Friday, July 16, 2010

Mmmmm...Cabbage Paste

My OCD struck again.
There I was. Sitting on my janky couch, watching TV, minding my own business. Then suddenly, out of the blue, it hit me like a thunder bolt: An overwhelming call to action, an inner Walt Whitman poem/Levi's commercial sounding a bugle call to glory, a culinary barbaric yawp singing from deep inside my soul that the very foundations of our country would crack if left unanswered.

"I want to make pate a choux. Nay...I need to make pate a choux."

I know, I know...this happened to you just the other day, no?

Actually what happened was someone on the Food Network made some and I had never made it before. And that, O Captain, My Captain, is that.

So...pate a choux (literally translated as "cabbage paste") is a basic pastry dough used to make cream puffs, eclairs, farts of nuns (I kid you not...look it up if you don't believe me), or Parisian gnocchi. It looks very fancy and impressive, and, after doing some research, it couldn't be easier to make. I'm very proud of my puffs.

Pate a Choux recipe

Don't get freaked out by this! I successfully made it on my first attempt...and I don't bake.
1 cup water
1 stick of butter
pinch of salt
1 cup of flour
4 eggs

Preheat oven to 425 and line two baking sheets with parchment paper.

In a sauce pan, bring water, salt, and butter to a simmer. Once heated, add all of the flour at once and stir in the same direction with a wooden spoon. It will look freaky to begin with, but it will turn into a lovely little ball of dough in no time. You want to cook it until it dries out quite a bit. Take off heat and cool slightly

Transfer dough to food processor or mixing bowl, and add the eggs one at a time until dough is completely mixed and glossy. We're moving the dough again...this time to a piping bag. Or in my case, a gallon freezer bag with the end snipped off. Pipe out golf ball sized little poofs of love onto baking sheets. Don't they look kind of like little cabbages? Oh...I get the name now!

Damp your finger and give the little poofy tops a push down so they don't burn. Pop 'em in the oven for 10 minutes on 425, then lower temperature to 375 for 20 minutes.

One recipe said to prick each one to allow the steam to escape to prevent the puffs from getting soggy.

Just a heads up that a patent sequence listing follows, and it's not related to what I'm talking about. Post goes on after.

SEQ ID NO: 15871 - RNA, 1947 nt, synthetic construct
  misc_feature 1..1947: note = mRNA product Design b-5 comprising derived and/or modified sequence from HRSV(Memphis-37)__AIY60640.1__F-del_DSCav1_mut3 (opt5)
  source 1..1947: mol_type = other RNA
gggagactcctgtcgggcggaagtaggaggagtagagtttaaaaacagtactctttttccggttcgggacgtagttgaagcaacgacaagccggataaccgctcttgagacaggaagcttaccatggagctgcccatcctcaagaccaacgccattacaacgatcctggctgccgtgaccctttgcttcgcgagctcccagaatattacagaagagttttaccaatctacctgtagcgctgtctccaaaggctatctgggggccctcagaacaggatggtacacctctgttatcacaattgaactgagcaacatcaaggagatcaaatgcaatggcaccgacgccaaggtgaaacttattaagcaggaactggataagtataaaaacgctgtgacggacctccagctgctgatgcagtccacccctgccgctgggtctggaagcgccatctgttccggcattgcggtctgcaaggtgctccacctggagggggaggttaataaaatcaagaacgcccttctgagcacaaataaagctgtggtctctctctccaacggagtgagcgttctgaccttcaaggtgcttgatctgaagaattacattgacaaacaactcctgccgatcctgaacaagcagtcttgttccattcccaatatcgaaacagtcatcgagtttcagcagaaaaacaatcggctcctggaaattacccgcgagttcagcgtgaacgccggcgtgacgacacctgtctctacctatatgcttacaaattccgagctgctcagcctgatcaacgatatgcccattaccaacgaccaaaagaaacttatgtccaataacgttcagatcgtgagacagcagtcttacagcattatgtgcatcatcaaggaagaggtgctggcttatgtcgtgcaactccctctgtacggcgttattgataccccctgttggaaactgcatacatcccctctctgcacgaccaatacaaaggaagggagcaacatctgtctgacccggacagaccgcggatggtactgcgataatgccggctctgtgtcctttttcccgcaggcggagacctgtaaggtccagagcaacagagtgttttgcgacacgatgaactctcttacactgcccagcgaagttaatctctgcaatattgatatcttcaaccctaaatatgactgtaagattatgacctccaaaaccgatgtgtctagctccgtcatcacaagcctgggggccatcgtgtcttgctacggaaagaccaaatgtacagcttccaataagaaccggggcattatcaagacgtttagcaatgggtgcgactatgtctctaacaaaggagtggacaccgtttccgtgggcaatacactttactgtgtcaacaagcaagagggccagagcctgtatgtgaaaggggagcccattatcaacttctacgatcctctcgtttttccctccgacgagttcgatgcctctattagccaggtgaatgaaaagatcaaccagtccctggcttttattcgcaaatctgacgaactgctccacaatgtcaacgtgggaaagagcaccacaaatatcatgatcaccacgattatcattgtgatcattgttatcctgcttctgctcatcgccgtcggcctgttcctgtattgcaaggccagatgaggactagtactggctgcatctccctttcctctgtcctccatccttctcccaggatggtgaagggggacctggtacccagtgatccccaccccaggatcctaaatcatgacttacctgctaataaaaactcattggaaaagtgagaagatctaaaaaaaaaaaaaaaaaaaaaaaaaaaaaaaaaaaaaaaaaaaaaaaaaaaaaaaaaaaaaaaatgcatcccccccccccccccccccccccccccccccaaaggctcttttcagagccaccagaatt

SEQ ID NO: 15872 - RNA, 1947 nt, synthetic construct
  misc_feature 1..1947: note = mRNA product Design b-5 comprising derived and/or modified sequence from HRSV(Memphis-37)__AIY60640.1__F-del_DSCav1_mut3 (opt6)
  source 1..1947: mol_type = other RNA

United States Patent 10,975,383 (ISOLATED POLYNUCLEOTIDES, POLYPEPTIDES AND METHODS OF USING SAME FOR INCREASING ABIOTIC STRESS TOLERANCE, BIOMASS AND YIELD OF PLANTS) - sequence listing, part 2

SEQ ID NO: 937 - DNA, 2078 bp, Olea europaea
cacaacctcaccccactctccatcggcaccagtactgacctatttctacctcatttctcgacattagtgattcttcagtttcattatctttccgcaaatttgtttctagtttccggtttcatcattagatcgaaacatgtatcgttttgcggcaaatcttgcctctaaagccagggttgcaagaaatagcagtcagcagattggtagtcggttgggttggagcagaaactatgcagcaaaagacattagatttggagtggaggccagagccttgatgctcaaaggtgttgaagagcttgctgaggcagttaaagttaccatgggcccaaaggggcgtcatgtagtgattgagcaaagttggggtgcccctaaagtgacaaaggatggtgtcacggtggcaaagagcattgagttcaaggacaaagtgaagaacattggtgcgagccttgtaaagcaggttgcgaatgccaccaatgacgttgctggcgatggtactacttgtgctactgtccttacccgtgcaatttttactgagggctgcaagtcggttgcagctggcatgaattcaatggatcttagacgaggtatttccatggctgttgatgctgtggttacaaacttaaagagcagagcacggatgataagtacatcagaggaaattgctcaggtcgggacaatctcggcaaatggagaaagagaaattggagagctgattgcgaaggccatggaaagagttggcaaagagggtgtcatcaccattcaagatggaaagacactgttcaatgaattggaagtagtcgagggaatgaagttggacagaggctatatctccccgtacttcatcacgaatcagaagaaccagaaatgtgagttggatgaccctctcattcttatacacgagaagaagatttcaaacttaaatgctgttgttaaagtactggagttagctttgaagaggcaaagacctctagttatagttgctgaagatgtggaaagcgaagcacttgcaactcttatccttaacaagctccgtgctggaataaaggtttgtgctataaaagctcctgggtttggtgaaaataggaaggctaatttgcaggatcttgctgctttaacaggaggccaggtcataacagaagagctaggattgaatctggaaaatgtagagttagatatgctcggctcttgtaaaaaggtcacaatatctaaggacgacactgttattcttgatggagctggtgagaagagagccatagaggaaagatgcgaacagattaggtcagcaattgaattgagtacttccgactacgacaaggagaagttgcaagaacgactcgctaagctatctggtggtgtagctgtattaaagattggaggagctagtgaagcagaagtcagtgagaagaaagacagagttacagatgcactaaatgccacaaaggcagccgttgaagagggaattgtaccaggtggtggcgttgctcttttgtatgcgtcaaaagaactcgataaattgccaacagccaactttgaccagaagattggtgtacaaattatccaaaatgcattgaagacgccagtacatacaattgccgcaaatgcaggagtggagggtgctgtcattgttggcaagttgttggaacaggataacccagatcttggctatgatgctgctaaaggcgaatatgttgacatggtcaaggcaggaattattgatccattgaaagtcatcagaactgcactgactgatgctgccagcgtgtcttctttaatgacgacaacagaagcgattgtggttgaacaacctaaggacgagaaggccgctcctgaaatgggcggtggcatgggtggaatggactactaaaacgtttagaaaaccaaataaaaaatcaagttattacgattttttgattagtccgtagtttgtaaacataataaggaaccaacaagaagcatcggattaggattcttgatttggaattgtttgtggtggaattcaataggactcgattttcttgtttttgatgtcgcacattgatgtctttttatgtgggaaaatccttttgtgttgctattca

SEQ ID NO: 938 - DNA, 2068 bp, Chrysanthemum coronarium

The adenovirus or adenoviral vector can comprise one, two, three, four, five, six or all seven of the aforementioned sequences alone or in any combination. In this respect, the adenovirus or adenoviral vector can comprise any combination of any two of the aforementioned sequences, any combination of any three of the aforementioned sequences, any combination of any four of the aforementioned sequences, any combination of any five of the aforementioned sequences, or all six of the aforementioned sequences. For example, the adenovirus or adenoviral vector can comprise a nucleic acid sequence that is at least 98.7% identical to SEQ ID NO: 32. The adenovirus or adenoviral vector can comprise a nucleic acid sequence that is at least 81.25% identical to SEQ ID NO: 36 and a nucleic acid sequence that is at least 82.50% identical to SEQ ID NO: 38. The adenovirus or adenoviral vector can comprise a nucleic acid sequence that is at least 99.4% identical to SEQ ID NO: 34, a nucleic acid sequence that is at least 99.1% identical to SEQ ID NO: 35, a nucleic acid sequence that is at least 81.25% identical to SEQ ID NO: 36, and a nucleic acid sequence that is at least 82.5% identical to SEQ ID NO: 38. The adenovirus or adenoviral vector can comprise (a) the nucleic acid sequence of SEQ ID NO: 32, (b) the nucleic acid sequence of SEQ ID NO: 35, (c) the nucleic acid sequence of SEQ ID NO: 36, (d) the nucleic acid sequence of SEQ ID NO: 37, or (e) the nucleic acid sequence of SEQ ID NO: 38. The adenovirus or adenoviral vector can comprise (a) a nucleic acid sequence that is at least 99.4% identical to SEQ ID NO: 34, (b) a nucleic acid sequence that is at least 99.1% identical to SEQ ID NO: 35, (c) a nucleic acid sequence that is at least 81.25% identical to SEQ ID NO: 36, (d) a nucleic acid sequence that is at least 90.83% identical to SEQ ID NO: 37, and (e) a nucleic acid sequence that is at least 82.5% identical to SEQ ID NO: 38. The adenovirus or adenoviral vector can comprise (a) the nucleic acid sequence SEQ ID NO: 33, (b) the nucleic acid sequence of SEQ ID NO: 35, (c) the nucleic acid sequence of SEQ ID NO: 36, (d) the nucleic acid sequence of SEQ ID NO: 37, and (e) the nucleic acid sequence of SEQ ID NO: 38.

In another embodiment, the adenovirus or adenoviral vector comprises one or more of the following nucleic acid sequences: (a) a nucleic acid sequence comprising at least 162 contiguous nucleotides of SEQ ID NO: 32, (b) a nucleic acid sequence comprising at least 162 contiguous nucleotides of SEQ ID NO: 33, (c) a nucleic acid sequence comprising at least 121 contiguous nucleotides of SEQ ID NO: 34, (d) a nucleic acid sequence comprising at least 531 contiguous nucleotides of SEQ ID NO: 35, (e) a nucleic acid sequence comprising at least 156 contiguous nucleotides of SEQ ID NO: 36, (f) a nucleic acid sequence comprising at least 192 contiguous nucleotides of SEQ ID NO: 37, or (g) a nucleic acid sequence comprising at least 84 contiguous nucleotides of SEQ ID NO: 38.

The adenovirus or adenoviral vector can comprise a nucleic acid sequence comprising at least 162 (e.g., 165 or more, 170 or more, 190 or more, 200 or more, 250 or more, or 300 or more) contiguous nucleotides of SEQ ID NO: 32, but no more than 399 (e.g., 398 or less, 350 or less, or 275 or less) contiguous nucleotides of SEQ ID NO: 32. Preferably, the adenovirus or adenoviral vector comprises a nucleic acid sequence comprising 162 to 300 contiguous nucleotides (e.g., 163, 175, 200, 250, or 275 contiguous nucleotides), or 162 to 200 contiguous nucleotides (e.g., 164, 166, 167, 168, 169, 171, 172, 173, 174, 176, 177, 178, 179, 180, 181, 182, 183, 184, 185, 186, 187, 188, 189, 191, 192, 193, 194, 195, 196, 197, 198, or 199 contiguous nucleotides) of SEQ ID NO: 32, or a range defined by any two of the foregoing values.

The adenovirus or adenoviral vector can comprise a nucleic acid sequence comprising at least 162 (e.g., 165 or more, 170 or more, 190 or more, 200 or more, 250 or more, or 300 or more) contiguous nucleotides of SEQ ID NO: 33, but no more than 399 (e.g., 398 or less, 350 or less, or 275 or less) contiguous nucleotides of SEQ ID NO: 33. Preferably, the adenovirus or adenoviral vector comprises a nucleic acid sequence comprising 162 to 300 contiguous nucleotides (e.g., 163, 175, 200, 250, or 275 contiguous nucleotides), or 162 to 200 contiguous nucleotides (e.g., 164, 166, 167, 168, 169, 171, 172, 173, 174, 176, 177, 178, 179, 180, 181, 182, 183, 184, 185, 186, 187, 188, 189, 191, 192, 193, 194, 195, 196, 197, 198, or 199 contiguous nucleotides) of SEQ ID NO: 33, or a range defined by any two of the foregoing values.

So now I have these puffs, but what the hell am I going to do with them?

I love the idea of a cream puff, but I'm not really a sweets kinda guy. I have some goat cheese in the fridge. And some beets...

Roasted Beets with Mixed Berry Pesto and Goat Cheese Cream Puffs

1 bunch beets (1-2 pounds), peeled and sliced into 1" cubes
1 clove garlic
Olive oil
Salt and Pepper to taste

Preheat oven to 450. Place beets and garlic in a sauce pan and cover with water. Bring beets to a boil and simmer for about 5 minutes. Drain and pat dry. Transfer beets to a baking sheet. Drizzle with olive oil and season with salt and pepper. Roast in oven for 20-25 minutes.

Mixed Berry Pesto

1/2 cup dried mixed berries (cranberries, blueberries, cherries)
1/4 cup walnuts
1 clove garlic
1/4 cup fresh parsley
2 Tbl fresh mint
1 lemon, zest and juice
1/2 cup olive oil

Combine ingredients in a food processor and whir away until mostly processed but it still retains some texture. Stir in some additional olive oil to make pesto a little more saucy. Serve over beets.

Goat Cheese filling

2 oz goat cheese, at room temp
2 Tbl sour cream
1 tsp horseradish
3 green onions chopped
a few dashes of Worcestershire sauce

Combine ingredients in a mixing bowl until smooth.

Slice puffs horizontally and spoon in a bit of the mixture. For the perfect bite...take a nibble after a fork full of beets and berry pesto.

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